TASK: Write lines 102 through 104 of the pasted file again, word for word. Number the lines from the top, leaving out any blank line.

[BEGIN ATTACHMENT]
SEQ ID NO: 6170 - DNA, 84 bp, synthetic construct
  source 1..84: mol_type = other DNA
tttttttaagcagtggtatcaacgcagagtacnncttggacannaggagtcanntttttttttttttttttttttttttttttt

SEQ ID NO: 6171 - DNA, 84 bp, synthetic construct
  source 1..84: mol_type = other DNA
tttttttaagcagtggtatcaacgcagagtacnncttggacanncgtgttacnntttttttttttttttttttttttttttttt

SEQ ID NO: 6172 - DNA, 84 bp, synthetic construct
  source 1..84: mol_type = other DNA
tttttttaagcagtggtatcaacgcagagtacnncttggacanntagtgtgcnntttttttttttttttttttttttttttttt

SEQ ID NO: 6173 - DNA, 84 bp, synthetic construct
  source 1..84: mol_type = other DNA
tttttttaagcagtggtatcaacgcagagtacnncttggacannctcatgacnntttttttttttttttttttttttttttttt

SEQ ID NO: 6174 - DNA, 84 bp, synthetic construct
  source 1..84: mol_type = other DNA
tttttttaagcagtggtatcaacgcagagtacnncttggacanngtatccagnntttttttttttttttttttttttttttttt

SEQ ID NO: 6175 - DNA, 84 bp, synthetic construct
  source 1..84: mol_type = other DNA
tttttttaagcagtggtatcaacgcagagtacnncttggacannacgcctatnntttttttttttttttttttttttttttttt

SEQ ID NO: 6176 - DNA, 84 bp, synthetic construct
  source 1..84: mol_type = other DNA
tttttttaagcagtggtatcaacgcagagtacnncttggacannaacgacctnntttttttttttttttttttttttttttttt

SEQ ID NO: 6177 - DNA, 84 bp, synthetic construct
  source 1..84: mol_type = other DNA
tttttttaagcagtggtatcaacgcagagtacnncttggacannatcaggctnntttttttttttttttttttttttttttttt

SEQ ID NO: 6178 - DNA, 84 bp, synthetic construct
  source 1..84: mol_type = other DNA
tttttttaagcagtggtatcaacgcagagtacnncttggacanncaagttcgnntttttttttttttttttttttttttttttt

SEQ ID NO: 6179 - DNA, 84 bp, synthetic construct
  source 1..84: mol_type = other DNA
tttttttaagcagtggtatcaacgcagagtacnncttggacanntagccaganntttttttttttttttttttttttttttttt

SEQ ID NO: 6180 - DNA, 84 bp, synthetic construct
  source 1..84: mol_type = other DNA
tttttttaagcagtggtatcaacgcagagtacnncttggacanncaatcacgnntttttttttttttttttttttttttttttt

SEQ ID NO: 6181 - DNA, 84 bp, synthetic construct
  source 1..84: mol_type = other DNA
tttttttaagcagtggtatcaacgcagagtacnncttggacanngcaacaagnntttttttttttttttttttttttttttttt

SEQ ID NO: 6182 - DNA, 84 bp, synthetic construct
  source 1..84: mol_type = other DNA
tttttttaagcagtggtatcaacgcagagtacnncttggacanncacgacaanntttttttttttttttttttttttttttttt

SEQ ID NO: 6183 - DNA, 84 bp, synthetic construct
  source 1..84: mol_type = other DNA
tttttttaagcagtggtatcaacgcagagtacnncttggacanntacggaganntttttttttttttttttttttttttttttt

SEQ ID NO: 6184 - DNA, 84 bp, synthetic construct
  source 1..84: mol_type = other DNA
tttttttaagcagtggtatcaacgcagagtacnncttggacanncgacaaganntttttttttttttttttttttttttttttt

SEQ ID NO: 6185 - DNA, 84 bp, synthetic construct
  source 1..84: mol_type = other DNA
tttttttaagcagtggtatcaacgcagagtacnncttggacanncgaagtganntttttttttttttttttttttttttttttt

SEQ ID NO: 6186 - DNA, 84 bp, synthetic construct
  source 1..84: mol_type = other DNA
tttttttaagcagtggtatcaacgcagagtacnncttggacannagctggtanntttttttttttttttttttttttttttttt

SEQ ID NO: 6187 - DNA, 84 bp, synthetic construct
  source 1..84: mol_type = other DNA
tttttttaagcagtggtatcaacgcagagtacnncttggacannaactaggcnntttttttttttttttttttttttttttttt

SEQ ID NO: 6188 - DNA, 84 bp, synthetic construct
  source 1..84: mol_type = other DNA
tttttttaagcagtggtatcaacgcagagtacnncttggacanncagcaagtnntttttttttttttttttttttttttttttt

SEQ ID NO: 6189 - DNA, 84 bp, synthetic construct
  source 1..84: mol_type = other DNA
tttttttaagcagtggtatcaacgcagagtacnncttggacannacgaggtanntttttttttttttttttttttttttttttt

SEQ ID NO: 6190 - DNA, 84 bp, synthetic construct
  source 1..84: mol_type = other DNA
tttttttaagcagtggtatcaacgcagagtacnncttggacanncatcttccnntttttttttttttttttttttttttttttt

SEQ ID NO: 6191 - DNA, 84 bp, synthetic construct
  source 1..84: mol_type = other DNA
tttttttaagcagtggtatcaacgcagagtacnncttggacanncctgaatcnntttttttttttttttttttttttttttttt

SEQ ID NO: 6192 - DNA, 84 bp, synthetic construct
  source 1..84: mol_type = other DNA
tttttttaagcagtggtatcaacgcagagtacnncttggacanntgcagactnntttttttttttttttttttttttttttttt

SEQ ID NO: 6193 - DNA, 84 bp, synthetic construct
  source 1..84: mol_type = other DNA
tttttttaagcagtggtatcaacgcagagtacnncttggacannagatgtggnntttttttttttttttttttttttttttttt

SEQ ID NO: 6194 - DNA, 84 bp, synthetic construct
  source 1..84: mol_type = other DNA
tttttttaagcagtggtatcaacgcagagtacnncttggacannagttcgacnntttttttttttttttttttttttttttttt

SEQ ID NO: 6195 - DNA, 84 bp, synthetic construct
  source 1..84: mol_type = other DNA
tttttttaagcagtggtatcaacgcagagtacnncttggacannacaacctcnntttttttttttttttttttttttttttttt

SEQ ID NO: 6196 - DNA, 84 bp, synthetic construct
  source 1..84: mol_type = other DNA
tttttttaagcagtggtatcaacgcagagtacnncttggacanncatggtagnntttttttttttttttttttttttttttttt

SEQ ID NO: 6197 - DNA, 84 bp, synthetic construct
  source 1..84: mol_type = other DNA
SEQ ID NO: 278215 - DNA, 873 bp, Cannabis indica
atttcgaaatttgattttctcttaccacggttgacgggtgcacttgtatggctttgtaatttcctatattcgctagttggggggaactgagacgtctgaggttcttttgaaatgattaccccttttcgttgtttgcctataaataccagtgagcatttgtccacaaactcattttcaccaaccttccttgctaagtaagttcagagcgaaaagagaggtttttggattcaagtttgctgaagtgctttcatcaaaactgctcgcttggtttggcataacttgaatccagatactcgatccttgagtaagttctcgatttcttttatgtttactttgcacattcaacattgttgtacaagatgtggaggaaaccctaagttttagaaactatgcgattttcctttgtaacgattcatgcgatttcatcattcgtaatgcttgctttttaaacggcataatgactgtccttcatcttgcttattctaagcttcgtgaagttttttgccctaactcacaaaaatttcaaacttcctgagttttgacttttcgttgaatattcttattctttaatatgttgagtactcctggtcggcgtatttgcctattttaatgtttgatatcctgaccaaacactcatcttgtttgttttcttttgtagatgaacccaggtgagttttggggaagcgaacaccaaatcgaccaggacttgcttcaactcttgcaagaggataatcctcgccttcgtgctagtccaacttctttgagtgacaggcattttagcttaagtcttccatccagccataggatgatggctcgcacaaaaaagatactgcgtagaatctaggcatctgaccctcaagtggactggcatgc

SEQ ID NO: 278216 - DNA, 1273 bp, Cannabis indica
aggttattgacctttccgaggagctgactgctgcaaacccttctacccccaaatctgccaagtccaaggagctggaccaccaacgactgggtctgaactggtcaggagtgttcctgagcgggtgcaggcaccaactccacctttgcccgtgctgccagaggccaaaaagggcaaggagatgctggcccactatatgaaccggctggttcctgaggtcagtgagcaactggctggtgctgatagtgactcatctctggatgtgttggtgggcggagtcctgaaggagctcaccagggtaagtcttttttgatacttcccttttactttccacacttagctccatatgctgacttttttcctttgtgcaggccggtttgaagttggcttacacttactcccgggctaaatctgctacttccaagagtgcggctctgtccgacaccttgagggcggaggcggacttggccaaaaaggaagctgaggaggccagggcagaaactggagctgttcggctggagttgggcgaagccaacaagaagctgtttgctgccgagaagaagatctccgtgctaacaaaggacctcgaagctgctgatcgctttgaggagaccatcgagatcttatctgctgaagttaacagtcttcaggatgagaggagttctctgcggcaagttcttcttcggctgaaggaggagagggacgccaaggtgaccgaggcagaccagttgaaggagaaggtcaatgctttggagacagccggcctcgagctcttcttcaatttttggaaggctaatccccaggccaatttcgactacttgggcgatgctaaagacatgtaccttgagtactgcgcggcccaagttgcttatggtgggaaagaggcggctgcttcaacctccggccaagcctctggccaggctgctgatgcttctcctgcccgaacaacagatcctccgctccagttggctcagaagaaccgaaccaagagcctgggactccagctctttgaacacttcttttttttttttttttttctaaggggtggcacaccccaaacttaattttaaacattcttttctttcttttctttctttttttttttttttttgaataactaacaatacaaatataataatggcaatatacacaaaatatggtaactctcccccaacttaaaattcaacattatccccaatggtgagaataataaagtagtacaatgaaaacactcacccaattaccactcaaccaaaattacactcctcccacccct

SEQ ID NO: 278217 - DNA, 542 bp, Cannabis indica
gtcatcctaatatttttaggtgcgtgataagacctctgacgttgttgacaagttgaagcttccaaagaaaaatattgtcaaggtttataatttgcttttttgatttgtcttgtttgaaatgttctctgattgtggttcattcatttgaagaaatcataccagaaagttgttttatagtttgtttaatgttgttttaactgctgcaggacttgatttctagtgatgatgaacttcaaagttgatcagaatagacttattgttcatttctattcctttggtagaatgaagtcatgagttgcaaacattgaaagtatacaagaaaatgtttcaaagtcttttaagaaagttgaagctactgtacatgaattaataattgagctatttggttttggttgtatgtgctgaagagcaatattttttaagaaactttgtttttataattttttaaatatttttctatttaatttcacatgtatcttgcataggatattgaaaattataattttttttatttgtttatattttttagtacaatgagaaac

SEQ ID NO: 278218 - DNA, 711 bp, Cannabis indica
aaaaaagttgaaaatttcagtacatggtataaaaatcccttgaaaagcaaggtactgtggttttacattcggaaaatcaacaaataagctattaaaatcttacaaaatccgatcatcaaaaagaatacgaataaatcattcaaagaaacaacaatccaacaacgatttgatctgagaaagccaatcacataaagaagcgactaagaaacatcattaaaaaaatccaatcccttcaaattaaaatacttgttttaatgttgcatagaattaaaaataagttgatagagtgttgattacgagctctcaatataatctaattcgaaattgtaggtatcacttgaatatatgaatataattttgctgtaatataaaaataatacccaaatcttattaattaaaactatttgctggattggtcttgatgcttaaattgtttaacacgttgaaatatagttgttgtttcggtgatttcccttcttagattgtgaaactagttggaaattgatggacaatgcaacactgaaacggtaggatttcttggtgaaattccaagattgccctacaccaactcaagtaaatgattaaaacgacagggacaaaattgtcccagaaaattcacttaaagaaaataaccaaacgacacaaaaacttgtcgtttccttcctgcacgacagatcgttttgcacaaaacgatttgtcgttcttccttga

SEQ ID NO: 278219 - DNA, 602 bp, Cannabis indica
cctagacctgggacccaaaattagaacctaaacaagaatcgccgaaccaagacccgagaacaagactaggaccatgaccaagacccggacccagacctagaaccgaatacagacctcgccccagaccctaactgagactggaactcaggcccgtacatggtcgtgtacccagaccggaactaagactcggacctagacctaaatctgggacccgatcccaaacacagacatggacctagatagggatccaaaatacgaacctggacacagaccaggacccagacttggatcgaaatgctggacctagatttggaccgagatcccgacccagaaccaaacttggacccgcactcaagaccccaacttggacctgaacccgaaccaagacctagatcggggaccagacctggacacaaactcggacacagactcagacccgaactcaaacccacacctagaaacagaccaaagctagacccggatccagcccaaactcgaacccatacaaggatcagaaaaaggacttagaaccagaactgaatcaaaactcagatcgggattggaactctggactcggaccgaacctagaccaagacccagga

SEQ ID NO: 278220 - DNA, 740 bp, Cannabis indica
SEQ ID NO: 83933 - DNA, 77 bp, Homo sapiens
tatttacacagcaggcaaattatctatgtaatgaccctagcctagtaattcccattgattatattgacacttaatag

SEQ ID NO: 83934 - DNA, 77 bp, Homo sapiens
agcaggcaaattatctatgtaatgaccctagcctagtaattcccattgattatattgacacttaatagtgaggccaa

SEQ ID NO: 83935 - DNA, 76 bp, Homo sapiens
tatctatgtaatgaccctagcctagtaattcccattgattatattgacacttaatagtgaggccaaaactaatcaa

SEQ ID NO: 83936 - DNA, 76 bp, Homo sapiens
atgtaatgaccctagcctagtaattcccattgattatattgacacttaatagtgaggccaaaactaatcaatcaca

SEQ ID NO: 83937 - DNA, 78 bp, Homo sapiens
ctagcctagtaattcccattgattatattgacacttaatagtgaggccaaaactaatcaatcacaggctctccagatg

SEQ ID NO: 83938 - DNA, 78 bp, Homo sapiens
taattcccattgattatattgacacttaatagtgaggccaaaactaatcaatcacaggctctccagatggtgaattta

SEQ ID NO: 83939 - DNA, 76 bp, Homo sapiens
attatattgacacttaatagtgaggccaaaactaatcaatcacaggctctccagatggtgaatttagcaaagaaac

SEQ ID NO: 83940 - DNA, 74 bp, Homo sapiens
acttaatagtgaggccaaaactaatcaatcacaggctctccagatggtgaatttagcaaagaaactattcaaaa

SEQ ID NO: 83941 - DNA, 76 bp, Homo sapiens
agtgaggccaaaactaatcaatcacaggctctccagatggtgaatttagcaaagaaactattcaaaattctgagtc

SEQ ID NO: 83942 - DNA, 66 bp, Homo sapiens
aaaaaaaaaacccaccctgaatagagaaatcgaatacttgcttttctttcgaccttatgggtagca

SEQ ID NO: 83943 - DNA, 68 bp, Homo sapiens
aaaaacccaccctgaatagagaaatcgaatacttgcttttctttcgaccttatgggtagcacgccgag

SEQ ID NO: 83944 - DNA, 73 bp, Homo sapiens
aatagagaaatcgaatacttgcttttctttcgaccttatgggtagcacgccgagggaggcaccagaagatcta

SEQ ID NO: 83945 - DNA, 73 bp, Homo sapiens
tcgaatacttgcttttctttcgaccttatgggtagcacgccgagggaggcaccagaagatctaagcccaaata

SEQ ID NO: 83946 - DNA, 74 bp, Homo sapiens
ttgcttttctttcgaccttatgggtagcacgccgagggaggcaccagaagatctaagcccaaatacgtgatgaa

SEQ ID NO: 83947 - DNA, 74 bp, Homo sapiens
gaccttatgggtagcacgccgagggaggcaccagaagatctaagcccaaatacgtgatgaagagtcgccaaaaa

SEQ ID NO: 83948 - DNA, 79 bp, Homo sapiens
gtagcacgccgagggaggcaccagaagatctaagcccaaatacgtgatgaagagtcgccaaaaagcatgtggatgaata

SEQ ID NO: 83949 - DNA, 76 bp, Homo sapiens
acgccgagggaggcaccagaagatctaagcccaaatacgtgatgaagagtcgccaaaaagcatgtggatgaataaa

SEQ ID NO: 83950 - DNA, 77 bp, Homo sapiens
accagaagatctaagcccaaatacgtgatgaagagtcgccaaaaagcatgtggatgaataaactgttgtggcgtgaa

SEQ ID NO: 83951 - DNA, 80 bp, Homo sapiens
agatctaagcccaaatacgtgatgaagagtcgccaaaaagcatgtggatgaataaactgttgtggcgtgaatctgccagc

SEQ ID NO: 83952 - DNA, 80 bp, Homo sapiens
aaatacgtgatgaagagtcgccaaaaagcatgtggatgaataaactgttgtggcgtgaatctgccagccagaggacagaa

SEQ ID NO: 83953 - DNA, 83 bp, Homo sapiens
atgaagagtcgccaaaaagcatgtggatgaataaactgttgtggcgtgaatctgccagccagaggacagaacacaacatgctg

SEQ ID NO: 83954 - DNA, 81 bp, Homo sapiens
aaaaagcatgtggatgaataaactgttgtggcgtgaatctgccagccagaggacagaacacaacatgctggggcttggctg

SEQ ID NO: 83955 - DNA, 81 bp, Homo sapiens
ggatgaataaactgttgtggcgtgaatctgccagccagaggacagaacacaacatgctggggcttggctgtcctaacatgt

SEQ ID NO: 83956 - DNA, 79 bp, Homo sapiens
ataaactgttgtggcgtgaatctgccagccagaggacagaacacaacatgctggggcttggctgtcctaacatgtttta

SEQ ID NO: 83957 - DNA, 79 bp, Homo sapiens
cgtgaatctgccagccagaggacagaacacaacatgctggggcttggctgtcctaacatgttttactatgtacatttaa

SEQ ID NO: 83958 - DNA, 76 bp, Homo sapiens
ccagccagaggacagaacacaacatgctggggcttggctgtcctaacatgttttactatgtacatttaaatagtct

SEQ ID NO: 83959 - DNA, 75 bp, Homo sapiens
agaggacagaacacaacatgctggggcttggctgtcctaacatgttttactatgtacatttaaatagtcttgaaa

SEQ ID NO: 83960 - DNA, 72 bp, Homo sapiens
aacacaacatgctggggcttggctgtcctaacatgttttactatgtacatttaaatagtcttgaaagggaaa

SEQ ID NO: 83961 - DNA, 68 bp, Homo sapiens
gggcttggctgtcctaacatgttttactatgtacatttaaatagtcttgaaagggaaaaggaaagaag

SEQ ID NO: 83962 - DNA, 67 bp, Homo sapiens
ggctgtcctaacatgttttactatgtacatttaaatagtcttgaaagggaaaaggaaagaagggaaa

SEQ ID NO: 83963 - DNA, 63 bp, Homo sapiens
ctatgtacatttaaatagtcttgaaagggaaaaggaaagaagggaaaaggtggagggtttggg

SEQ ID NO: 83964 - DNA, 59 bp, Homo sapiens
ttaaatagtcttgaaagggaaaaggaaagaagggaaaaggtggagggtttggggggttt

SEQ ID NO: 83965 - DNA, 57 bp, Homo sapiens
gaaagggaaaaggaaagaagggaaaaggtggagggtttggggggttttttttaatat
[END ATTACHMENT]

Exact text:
atgtaatgaccctagcctagtaattcccattgattatattgacacttaatagtgaggccaaaactaatcaatcaca

SEQ ID NO: 83937 - DNA, 78 bp, Homo sapiens
ctagcctagtaattcccattgattatattgacacttaatagtgaggccaaaactaatcaatcacaggctctccagatg